Finding size-18 shoes for a really tall 12-year-old

The night before his first day at Robert L. Vale Middle School, Joseph Gamez laid out his clothes and new Nike KD (Kevin Durant) sneakers — a first for the shy 12-year-old.

In past years, he got queasy at the thought of walking through the halls, where he towered over his classmates and a few teachers. The seventh-grader stands six-foot-six, prompting some classmates to razz him for shoes his mother, Tiffany Jones, bought at bargain stores and ordered online through Amazon.

The youngsters didn’t have a clue how hard it was to find a size-18 shoe for Joseph to wear. Jones’ son felt uneasy wearing unfashionable shoes — often nondescript white or black loafers or sandals suited for older men.

At her wit’s end, Jones considered sending a message to retired NBA star Shaquille O’Neal. Jones heard he’d helped out a 13-year-old in a similar scenario. News reports said O’Neal, who led San Antonio’s Cole High School to a state championship in 1989, was six-foot-six at age 13.

Instead, Jones turned to Facebook Street News SA, a page started during the pandemic for neighbors to help neighbors. She hoped someone might have information before school started about where she could buy Joseph shoes or pick up gently used sneakers.

That day, the online community answered Jones — her post received more than 3,000 likes and 294 comments of support for the youngster some called a “gentle giant.” In addition to offering retail options, the outpouring of goodwill brought gifts of shoes that gave her son choices and confidence he’d never had before.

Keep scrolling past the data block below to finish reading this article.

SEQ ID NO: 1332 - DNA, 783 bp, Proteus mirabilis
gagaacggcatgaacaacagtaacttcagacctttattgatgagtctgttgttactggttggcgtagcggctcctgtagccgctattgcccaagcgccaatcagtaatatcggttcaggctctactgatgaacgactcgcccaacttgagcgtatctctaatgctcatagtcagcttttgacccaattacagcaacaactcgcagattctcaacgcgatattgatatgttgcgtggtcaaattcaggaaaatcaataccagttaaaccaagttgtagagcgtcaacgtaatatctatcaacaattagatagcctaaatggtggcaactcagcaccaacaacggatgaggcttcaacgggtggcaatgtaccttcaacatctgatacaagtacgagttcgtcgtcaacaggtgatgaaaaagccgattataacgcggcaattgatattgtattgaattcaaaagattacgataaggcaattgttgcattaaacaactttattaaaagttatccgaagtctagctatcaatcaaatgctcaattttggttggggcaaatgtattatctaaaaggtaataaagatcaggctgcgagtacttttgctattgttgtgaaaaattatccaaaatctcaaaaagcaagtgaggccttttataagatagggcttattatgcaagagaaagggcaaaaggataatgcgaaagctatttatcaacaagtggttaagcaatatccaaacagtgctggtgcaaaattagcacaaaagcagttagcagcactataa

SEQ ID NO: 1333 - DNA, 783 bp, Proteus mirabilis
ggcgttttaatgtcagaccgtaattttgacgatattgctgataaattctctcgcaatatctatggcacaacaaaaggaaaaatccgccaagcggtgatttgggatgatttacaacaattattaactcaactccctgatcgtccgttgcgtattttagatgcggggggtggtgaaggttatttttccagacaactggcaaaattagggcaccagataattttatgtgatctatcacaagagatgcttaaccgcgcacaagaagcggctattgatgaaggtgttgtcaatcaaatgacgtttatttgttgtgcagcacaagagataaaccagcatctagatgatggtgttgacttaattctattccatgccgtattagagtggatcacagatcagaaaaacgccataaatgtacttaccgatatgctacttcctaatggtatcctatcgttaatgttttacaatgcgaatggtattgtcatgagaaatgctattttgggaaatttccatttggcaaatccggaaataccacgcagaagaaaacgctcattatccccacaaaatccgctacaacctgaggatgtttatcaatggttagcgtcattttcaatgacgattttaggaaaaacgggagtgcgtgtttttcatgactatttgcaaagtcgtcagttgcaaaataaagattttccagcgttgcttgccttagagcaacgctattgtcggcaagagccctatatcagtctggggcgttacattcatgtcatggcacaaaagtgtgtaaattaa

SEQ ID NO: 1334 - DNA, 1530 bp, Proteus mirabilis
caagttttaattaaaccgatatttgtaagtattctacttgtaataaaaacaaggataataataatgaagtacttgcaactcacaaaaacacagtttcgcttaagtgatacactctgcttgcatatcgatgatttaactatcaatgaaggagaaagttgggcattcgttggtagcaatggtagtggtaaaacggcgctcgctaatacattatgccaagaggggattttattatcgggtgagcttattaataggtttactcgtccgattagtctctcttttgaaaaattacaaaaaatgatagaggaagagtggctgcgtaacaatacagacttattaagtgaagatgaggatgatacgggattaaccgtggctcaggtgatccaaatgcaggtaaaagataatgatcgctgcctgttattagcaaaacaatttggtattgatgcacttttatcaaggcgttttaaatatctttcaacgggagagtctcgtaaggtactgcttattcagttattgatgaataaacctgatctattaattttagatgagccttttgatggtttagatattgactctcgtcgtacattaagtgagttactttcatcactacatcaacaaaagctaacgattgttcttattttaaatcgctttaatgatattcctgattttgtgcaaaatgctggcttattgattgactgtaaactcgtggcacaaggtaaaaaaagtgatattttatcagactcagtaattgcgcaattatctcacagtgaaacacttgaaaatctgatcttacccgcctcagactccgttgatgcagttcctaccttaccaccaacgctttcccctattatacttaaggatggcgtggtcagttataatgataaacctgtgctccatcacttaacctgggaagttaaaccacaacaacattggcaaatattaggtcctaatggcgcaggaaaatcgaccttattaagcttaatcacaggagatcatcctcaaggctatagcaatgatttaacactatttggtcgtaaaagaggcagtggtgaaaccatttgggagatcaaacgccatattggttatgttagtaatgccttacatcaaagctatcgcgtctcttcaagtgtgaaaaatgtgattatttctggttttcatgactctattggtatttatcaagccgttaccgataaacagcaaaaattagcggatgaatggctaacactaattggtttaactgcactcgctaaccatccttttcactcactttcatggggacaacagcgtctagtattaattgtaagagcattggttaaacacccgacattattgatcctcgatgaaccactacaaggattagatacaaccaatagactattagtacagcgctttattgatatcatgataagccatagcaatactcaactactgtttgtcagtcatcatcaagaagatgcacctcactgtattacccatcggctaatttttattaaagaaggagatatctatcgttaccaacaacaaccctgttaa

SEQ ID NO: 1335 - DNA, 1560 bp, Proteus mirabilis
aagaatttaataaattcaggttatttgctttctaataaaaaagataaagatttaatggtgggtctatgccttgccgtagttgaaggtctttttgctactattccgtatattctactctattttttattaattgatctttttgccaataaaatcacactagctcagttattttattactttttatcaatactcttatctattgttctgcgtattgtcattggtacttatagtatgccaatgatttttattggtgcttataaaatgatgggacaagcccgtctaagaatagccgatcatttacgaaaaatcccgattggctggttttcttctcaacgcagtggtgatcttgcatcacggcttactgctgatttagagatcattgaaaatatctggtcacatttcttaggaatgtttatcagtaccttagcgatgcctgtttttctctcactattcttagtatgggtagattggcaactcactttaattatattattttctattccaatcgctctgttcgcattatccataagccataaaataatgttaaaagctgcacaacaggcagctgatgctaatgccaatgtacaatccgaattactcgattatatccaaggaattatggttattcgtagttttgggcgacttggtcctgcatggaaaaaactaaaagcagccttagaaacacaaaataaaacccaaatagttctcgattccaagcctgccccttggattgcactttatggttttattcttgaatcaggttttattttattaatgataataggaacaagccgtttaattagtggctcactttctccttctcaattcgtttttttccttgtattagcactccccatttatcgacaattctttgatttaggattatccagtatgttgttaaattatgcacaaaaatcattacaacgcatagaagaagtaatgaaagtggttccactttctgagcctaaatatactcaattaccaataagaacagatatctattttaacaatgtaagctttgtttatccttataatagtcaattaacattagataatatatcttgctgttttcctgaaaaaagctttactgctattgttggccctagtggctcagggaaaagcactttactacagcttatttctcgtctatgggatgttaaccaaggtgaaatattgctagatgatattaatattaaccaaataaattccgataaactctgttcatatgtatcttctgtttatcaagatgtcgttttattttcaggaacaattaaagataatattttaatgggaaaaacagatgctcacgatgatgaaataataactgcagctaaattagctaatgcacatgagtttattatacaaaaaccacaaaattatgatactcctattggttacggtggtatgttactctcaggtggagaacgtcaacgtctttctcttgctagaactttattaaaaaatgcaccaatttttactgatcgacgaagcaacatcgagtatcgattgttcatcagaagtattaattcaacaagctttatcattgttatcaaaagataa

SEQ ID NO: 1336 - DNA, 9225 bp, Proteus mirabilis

“I was very happy,” Joseph said at his Northwest Side home. “I couldn’t believe it. I was surprised so many people helped me.”

That week, more than 15 pairs of stylish shoes arrived from former NBA players, a River Center shoe store and a local barbershop. Jones said the San Antonio community’s response changed her son’s life.

Joseph Gamez ties on a pair of size 18 shoes donated to him by basketball player Chris Daniels. He had difficulty finding shoes that fit. His mother, Tiffany Jones, right, put out a call for help on social media, and within days, many responded with shoes, including NBA players, and a Rivercenter Mall shoe store.

Billy Calzada /Staff photographer

“It was the most beautiful thing I’ve ever seen,” Jones, 43, said. “We didn’t have to spend a budget on shoes. I got to buy him nice outfits. It was good to have total strangers reach out and offer help. He deserves it. He has a heart of gold. A smile says a thousand words.”

Misty Renee Stricker put Jones in contact with her brother-in-law, Brad Stricker, a former Denver Nuggets basketball player who was more than willing to help the youngster. He understood Joseph’s plight — as a teen, Stricker grew 9 inches in two summers.

A 22-year veteran of the Air Force, Vincent T. Davis embarked on a second career as a journalist and found his calling. Observing and listening across San Antonio, he finds intriguing tales to tell about everyday people. He shares his stories with Express-News subscribers every Monday morning.